Liveability Inquiry for Victoria
Tuesday, 25th March 2008 at 10:54 am
The Victorian Government has asked the Victorian Competition and Efficiency Commission (VCEC) to conduct an inquiry into enhancing Victoria’s liveability, including its social and community dimensions.
VCEC normally provides the Government with independent advice on business regulation reform, and opportunities for improving Victoria’s competitive position.
However under the terms of reference of the Liveability Inquiry VCEC will go well beyond the economic, to the social, community and environmental dimensions of what makes Victoria appealing as a place to live, work and invest.
Issues under discussion include –
the efficiency and advantages of good planning and community infrastructure and the economic costs of poor urban design, sustainable urban concepts and their link with liveability elements of liveability that may differ between Melbourne and provincial Victoria and opportunities for State Government action to enhance the liveability of Victoria.
The VCEC has been conducting a series of roundtables in Melbourne and regional Victoria on issues around liveability.
A range of definitions were offered by participants and through submissions, and the subjective nature of ‘liveability’ means that the relative importance of specific aspects will vary with individuals and places.
Broadly, participants defined liveability as – encompassing the many characteristics that influence people to live in a place and is best considered in broad terms – economic, social, environmental and cultural aspects, how well a city or region ‘works’, an outcome for communities where wellbeing is defined by high levels of feeling safe combined with high levels of participation and inclusion. (VicHealth)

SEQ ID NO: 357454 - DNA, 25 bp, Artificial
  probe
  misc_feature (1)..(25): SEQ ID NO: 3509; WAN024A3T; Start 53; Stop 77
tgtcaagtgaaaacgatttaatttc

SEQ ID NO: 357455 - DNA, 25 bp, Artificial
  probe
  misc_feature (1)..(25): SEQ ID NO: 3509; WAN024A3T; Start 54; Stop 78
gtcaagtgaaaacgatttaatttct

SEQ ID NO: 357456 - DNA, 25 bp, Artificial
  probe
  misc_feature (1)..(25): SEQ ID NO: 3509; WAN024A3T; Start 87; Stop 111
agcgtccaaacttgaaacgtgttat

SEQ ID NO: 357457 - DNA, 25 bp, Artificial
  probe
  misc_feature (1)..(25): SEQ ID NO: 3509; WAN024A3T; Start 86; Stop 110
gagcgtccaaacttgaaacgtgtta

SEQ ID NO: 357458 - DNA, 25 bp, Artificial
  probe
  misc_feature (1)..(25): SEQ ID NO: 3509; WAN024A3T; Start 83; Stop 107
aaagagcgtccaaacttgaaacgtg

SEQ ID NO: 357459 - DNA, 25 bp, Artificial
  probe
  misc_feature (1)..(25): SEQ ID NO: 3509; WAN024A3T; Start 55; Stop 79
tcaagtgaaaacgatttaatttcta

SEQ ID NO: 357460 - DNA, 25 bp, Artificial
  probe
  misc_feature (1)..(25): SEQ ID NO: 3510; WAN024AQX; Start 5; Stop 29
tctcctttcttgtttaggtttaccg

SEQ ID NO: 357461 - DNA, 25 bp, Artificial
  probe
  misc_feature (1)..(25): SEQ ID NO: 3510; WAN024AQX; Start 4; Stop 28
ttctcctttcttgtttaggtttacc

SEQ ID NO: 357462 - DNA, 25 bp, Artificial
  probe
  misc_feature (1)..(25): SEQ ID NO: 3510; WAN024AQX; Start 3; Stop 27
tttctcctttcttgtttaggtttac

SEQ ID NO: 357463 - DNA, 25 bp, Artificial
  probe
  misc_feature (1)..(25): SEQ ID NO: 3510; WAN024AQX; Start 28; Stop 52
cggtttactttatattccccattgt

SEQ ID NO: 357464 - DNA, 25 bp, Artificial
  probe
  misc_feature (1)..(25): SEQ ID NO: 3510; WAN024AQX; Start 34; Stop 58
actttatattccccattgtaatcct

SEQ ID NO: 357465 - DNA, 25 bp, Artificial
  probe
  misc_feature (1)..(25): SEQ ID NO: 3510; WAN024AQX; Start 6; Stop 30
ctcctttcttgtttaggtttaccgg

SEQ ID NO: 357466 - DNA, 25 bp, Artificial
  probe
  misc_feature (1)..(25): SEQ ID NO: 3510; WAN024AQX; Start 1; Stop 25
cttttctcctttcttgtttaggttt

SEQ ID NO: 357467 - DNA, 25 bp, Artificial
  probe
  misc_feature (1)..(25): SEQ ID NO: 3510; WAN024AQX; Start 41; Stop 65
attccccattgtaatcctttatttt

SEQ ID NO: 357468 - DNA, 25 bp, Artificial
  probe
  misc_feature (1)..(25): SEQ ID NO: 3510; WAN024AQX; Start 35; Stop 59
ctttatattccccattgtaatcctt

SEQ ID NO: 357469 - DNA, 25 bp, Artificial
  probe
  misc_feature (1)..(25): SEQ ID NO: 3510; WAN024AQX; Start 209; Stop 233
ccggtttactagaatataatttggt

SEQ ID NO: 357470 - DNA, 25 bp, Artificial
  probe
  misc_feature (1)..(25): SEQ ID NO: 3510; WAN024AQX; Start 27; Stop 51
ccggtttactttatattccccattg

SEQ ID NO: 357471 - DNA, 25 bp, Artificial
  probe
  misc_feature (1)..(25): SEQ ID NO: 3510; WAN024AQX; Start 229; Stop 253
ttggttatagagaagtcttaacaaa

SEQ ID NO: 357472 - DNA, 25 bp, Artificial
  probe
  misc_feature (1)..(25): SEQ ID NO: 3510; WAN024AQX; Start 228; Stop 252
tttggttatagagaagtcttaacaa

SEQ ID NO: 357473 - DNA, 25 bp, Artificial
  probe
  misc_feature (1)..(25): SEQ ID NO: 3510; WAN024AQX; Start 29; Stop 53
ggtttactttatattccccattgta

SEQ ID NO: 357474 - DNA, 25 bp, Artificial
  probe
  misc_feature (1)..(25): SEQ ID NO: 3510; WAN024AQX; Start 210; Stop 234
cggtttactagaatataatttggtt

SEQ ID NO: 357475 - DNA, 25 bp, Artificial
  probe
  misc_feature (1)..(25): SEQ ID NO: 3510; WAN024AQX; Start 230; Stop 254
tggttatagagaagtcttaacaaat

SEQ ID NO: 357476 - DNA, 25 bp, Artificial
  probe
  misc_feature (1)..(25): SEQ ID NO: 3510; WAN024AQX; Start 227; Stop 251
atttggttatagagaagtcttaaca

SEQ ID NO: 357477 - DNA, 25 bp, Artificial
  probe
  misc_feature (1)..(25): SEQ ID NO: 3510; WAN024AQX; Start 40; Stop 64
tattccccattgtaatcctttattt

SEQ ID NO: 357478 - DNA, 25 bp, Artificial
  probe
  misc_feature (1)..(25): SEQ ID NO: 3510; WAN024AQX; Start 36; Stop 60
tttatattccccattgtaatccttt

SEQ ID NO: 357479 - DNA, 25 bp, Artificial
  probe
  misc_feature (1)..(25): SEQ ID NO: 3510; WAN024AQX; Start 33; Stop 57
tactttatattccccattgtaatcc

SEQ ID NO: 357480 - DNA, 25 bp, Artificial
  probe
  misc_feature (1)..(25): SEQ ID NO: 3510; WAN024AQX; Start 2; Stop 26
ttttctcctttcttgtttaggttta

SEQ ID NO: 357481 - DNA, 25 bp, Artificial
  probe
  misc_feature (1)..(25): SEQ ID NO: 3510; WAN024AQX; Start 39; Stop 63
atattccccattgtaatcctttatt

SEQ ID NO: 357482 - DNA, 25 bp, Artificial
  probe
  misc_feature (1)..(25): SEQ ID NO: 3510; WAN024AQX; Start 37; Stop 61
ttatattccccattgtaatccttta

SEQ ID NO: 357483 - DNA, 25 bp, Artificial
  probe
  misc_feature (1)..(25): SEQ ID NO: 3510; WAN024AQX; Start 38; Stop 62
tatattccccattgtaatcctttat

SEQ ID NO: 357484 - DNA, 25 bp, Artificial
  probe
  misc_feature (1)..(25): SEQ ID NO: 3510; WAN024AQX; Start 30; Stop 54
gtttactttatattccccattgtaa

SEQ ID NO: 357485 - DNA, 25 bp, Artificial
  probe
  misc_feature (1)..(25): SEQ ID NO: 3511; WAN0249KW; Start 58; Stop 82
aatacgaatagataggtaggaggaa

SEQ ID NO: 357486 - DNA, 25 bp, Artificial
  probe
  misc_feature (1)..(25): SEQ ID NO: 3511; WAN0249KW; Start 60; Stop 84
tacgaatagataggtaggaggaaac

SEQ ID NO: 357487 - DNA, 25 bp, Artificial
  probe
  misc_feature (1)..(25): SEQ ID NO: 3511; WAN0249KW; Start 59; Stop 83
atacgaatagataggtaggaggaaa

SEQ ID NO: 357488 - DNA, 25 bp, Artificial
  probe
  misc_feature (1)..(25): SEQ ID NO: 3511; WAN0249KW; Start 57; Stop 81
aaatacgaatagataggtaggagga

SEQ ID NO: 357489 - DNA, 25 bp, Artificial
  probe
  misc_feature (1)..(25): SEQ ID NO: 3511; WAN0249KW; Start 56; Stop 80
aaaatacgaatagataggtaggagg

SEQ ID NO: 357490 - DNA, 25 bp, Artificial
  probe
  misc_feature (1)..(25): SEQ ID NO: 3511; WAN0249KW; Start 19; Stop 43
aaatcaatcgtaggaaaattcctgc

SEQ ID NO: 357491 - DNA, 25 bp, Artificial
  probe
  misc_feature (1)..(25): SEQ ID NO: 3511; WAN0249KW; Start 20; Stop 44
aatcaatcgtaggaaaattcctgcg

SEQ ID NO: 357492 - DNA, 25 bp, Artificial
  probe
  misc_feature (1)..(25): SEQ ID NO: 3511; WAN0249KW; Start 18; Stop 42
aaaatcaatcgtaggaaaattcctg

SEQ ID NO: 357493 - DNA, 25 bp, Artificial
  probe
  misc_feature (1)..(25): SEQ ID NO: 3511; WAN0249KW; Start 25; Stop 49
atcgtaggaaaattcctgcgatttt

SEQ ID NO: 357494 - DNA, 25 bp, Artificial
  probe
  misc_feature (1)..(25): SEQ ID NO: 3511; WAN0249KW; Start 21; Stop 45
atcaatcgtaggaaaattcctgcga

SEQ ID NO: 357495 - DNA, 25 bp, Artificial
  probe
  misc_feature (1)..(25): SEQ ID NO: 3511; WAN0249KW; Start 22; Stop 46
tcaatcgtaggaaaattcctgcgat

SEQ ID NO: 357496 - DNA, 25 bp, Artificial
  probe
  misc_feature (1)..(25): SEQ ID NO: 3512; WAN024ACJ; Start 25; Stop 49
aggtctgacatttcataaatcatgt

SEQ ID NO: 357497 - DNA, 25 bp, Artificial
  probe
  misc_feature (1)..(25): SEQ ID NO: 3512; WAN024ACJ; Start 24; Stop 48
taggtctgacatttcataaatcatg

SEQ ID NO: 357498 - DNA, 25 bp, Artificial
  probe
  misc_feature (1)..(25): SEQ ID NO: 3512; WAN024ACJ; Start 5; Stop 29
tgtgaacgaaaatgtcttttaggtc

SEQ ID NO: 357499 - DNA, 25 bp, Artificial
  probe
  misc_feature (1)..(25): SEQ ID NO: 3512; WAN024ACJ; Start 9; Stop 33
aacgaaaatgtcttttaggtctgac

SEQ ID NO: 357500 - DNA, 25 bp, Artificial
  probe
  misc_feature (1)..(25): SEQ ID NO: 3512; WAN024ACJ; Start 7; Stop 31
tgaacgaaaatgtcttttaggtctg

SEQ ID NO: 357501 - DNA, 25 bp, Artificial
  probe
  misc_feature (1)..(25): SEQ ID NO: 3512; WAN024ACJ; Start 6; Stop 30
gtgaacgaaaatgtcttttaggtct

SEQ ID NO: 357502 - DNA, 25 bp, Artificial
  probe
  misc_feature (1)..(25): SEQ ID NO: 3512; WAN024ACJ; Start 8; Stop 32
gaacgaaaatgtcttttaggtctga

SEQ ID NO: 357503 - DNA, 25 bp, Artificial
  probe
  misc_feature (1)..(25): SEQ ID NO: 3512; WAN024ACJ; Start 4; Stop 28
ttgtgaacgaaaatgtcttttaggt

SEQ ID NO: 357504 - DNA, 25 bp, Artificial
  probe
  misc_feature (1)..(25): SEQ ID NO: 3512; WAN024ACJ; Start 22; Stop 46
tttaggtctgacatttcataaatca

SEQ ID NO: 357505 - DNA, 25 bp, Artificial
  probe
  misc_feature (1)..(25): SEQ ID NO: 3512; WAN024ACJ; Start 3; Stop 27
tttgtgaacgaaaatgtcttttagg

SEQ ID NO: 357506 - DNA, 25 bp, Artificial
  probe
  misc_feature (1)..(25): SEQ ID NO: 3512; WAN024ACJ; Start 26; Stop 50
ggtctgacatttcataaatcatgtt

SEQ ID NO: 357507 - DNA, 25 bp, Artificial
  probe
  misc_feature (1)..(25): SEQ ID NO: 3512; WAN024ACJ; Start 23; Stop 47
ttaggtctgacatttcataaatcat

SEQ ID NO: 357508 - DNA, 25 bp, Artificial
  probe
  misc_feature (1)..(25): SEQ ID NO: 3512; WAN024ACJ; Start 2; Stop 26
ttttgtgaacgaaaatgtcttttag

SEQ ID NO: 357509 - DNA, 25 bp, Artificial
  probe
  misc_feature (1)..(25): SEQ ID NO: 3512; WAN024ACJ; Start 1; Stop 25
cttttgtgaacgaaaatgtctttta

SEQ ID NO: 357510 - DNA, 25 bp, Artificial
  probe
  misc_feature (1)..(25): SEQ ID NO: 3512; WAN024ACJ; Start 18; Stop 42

Another key issue for enhancing liveability which was discussed is the need to manage population changes.
In many cases this involves dealing with population growth, but in some provincial areas the problem is one of population decline.
Initial findings of a five year audit of Melbourne 2030 suggest that population growth in Melbourne has been faster, and less infill has occurred than expected. (DPCD 2007).
VCEC says there are areas where it is possible to improve liveability to the benefit of both individuals and businesses. For example, reducing congestion facilitates business logistics, but also makes it easier for people to travel for their daily activities.
Roundtables will continue till mid-March with a draft report due in early May 08.
Hearings and roundtables on the draft report are scheduled for July 08, with the final report to go to the state by 12 October 2008.